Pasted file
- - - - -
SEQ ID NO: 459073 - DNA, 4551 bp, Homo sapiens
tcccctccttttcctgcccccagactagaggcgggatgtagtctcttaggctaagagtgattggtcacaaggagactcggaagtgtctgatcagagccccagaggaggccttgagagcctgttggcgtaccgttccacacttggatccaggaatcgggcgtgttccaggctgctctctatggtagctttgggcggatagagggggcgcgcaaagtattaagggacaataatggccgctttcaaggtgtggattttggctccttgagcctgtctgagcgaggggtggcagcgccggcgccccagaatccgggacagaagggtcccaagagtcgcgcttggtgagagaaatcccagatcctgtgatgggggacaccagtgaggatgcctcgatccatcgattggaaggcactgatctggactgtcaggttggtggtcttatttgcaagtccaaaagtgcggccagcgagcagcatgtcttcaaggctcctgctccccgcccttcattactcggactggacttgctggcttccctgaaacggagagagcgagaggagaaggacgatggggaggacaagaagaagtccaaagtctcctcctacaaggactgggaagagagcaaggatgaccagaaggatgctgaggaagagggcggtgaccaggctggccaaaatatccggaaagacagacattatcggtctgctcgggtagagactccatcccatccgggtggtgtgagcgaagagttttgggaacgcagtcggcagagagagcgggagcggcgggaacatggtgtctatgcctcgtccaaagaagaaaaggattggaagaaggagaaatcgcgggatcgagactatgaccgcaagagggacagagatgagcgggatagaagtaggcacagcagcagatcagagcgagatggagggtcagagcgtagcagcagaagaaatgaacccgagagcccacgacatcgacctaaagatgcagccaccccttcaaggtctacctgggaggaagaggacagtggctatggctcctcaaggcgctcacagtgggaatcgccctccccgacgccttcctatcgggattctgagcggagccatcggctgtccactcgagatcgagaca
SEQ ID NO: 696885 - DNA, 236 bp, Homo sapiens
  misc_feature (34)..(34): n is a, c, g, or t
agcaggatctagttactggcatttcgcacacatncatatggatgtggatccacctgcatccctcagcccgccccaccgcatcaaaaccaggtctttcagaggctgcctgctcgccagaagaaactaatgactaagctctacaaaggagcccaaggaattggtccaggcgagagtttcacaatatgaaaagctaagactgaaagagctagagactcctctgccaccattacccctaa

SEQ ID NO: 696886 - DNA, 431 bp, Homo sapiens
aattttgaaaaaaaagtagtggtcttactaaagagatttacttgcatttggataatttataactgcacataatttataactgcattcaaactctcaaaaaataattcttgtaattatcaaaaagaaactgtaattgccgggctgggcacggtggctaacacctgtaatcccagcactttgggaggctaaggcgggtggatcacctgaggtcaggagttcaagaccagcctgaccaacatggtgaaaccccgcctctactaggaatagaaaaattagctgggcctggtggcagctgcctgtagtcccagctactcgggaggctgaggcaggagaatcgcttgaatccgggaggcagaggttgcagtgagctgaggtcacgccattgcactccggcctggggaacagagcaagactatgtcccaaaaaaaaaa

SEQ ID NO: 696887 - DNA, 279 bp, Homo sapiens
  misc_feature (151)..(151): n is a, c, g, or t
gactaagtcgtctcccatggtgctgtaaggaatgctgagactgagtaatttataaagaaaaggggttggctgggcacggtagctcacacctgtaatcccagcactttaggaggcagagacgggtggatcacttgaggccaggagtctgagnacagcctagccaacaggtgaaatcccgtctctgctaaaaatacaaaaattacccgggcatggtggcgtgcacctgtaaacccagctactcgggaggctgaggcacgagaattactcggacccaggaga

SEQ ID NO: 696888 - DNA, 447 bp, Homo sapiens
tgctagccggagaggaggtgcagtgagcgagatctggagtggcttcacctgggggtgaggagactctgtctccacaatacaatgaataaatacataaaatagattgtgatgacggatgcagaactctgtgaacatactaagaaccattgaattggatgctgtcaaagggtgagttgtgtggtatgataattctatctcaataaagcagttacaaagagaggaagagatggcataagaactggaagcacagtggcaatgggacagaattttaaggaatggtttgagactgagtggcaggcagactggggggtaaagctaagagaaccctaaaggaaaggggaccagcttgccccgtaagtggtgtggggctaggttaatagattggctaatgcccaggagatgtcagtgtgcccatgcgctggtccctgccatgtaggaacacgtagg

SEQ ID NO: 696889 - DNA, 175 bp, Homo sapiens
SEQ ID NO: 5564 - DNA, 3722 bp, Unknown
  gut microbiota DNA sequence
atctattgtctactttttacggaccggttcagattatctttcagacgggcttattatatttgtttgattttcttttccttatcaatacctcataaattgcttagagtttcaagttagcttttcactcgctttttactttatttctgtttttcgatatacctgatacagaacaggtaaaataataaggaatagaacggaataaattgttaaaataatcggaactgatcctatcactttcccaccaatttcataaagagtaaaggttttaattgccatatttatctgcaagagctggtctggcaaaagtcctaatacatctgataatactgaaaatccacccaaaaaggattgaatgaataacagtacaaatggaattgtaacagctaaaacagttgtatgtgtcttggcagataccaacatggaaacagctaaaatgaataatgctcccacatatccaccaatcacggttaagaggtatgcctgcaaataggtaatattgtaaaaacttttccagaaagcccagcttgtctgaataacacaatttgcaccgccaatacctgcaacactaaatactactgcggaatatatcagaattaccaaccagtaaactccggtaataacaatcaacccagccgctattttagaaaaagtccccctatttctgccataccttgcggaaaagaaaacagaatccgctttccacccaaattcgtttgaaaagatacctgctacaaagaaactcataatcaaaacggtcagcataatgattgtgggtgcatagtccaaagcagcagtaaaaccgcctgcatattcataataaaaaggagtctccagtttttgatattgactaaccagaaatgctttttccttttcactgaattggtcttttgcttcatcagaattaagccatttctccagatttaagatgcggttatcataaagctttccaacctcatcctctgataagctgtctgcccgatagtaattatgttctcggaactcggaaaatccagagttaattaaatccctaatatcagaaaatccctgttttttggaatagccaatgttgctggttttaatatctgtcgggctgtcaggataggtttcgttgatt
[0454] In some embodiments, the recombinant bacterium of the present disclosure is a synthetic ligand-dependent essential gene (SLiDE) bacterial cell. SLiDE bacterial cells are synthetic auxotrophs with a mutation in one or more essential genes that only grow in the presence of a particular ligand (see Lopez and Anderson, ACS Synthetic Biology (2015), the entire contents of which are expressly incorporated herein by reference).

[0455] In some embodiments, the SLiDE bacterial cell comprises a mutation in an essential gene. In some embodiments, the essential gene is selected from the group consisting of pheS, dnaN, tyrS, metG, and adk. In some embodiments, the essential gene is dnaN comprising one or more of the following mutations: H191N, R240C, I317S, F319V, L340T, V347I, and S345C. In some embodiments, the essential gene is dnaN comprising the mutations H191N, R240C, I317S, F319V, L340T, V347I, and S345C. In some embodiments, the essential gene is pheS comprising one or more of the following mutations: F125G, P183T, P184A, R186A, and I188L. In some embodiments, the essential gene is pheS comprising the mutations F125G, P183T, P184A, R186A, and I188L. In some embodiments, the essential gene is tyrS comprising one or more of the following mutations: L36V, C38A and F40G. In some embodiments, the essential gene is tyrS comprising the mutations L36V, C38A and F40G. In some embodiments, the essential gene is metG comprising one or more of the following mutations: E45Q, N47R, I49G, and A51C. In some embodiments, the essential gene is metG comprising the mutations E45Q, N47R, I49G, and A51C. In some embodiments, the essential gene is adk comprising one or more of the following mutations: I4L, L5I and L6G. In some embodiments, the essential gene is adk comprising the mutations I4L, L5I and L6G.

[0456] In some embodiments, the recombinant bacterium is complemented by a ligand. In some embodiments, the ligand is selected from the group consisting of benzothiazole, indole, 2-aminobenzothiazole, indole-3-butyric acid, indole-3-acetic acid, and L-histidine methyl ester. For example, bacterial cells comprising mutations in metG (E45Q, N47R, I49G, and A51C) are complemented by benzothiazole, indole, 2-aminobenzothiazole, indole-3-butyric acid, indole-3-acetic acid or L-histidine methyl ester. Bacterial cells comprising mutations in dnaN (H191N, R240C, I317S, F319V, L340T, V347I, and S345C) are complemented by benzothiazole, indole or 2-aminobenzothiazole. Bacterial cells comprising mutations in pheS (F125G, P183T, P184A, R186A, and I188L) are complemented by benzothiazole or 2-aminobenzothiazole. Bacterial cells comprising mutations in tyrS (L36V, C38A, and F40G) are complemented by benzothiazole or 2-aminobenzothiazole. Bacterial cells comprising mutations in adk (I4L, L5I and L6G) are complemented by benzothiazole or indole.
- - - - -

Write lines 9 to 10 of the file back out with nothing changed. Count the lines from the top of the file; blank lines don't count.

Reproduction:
  misc_feature (151)..(151): n is a, c, g, or t
gactaagtcgtctcccatggtgctgtaaggaatgctgagactgagtaatttataaagaaaaggggttggctgggcacggtagctcacacctgtaatcccagcactttaggaggcagagacgggtggatcacttgaggccaggagtctgagnacagcctagccaacaggtgaaatcccgtctctgctaaaaatacaaaaattacccgggcatggtggcgtgcacctgtaaacccagctactcgggaggctgaggcacgagaattactcggacccaggaga